During the summer of 1947, the Cold War began to pick up and the Netherlands had second thoughts. It was decided to reactivate the CTMS-1TBI tanks in Dutch Guyana to keep more modern armor in Europe. However, the tanks had been stored in the open under tropical weather for a year and a half and were in bad shape. Not all of the 26 tanks could start their engines, and one had it’s turret rusted in place. One had a main gun rusted beyond repair and was converted into a turretless tow tank, a role it was often needed for to help it’s rusty brothers along.
By 1950, the CTMS-1TBI unit in Dutch Guyana was down to 16 operational tanks plus the tow tank.
(A Netherlands army CTMS-1TBI tank in Dutch Guyana during the early 1950s. The alongside infantry, most likely recruited locally, are wearing WWII-surplus M1 pot helmets and USMC-style Pacific camouflage.)
During the summer 1952 exercises in Dutch Guyana, only ten remained operational, and by 1954 this was down to eight. At the end of the summer of 1956, there were only two still in full running order, and these were being helped along by cannibalizing spare parts from others which had broken down. In early 1957, one of the two remaining CTMS-1TBI tanks broke down and the Netherlands army officially retired the type several days later.
In December 1941, the USA gave Mexico four CTMS-1TBI tanks for evaluation. The Mexican army had the same low opinion as the US Army and no order followed. It’s unknown what happened to the four tanks, they may have been used as training vehicles into the mid-1940s.
During WWII, Guatemala was provided six CTMS-1TBI tanks under Lend-Lease. Very little is known about their service there, but they were reportedly unpopular with Guatemalan troops. In the Lend-Lease effort, Guatemala was classified as one of the “OLARs” (Other Latin American Republics) which was the backwater of the Lend-Lease project. It’s doubtful the USA asked for them back after WWII and they likely served until the late 1940s.
Ecuador was provided twelve CTMS-1TBI tanks via Lend-Lease during WWII.
After the lease expired, the USA did not ask for them back and they were permanently absorbed into the Ecuadorian army. Ecuador was the only user which was satisfied with the CTMS-1TBI, as the little tanks were considered easy to operate and effective in jungle terrain.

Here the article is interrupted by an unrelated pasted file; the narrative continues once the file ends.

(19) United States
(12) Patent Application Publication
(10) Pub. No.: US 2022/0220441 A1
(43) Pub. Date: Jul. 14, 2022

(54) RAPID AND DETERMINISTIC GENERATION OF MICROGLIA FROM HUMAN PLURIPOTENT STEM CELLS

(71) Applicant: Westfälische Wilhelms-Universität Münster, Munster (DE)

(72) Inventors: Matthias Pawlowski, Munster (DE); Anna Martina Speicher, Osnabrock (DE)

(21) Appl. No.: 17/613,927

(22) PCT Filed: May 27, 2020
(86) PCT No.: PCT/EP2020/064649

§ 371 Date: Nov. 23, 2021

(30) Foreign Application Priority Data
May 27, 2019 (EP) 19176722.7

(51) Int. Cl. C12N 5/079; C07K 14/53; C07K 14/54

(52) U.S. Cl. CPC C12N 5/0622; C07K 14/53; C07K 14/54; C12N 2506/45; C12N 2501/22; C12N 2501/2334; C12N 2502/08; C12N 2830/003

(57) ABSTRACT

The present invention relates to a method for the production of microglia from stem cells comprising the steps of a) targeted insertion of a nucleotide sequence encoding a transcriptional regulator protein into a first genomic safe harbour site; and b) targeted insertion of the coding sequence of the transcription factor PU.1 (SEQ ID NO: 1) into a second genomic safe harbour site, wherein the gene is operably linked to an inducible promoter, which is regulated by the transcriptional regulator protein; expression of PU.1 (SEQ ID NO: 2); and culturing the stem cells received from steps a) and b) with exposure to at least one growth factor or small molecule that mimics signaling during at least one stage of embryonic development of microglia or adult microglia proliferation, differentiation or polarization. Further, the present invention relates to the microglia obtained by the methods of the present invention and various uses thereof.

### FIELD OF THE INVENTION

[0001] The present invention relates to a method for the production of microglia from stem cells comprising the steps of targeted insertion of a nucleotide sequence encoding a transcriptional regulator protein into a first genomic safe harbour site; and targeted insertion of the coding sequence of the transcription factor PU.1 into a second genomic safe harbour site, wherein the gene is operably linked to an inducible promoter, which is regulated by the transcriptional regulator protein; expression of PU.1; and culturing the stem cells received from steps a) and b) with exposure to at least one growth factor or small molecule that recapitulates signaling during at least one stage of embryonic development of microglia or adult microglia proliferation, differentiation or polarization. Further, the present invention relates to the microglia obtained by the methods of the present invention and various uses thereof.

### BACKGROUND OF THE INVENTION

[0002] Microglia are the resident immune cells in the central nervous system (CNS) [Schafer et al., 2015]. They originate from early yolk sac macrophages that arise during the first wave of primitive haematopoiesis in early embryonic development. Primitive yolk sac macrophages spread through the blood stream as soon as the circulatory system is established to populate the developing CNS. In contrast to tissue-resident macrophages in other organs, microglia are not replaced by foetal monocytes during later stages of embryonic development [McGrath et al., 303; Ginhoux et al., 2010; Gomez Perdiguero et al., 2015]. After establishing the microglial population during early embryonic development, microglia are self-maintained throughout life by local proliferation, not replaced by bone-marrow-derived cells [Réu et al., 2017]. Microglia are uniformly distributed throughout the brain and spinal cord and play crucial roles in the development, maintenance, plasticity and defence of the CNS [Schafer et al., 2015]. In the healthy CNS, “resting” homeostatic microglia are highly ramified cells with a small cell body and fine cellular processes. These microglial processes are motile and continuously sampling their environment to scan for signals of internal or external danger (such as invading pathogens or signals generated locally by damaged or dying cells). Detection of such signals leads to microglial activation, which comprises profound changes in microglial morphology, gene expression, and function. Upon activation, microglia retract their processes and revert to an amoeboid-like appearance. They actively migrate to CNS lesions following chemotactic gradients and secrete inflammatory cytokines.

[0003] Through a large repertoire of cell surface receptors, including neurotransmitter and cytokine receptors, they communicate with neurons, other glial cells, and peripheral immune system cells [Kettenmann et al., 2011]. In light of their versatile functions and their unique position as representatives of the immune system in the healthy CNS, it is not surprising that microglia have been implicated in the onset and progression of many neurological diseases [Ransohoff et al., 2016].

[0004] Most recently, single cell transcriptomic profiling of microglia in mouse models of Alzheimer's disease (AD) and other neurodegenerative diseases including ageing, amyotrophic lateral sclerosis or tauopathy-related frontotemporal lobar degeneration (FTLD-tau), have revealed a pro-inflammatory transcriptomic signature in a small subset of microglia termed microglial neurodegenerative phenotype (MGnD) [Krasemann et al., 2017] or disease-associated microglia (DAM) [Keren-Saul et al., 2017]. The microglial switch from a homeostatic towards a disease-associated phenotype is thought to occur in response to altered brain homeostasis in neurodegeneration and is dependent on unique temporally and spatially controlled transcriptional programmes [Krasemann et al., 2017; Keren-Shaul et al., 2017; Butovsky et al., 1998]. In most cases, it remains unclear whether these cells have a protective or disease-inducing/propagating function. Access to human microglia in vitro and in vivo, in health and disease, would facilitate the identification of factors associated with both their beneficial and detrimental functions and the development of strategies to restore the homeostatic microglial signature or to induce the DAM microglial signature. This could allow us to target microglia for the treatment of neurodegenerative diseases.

These tanks replaced some vehicles lost in the brief 1941 war against Peru. All twelve of the CTMS-1TBIs remained in service until 1959, by which time they had little realistic battlefield usefulness.
After Cuba joined the Allied side in December 1941, the USA transferred eight CTMS-1TBI tanks to the Cuban army. They were delivered in early 1942, at which time a team from the US Army Ordnance Department traveled to Havana to assist in training on the type. As Cuba was obviously not attacked during WWII, they saw no combat before 1945.
As the country’s political troubles picked up during the 1950s, the CTMS-1TBIs were used in combat against communist rebels. By 1958, they were seeing regular combat use in the infantry support role.
When Fidel Castro seized power in January 1959, five of the eight CTMS-1TBI tanks were still operational. The new communist army, FAR (Revolutionary Armed Forces), retained them for continued use. In 1960, these five tanks were modified with a Bofors QF 20mm gun in place of the American 37mm weapon. This gun had even less penetrating power, but either weapon was obsolete against Cold War-era tanks anyways, and the Bofors ammunition was plentiful on the worldwide arms black market. Along with the new gun, short-range radios were installed.
The CTMS-1TBIs were interspersed with M3A1 Stuart light tanks (also WWII veterans from the USA) in an independent tank regiment, normally serving as a training platform for future T-34 crews.
Contrary to some reports at the time, the five Cuban CTMS-1TBI tanks did not take part in repelling the April 1961 Bay Of Pigs invasion. During that brief conflict, they were held in reserve and not needed.
Cuba retired the CTMS-1TBI in 1962 as the engines were increasingly unreliable and spare parts embargoed by the USA. As Fidel Castro was known for his rants against “western colonialism”, this is somewhat ironic. The CTMS-1TBI had originally been designed before WWII to guard Holland’s overseas colonies, but ended it’s days serving in a 1960s anti-colonialist military.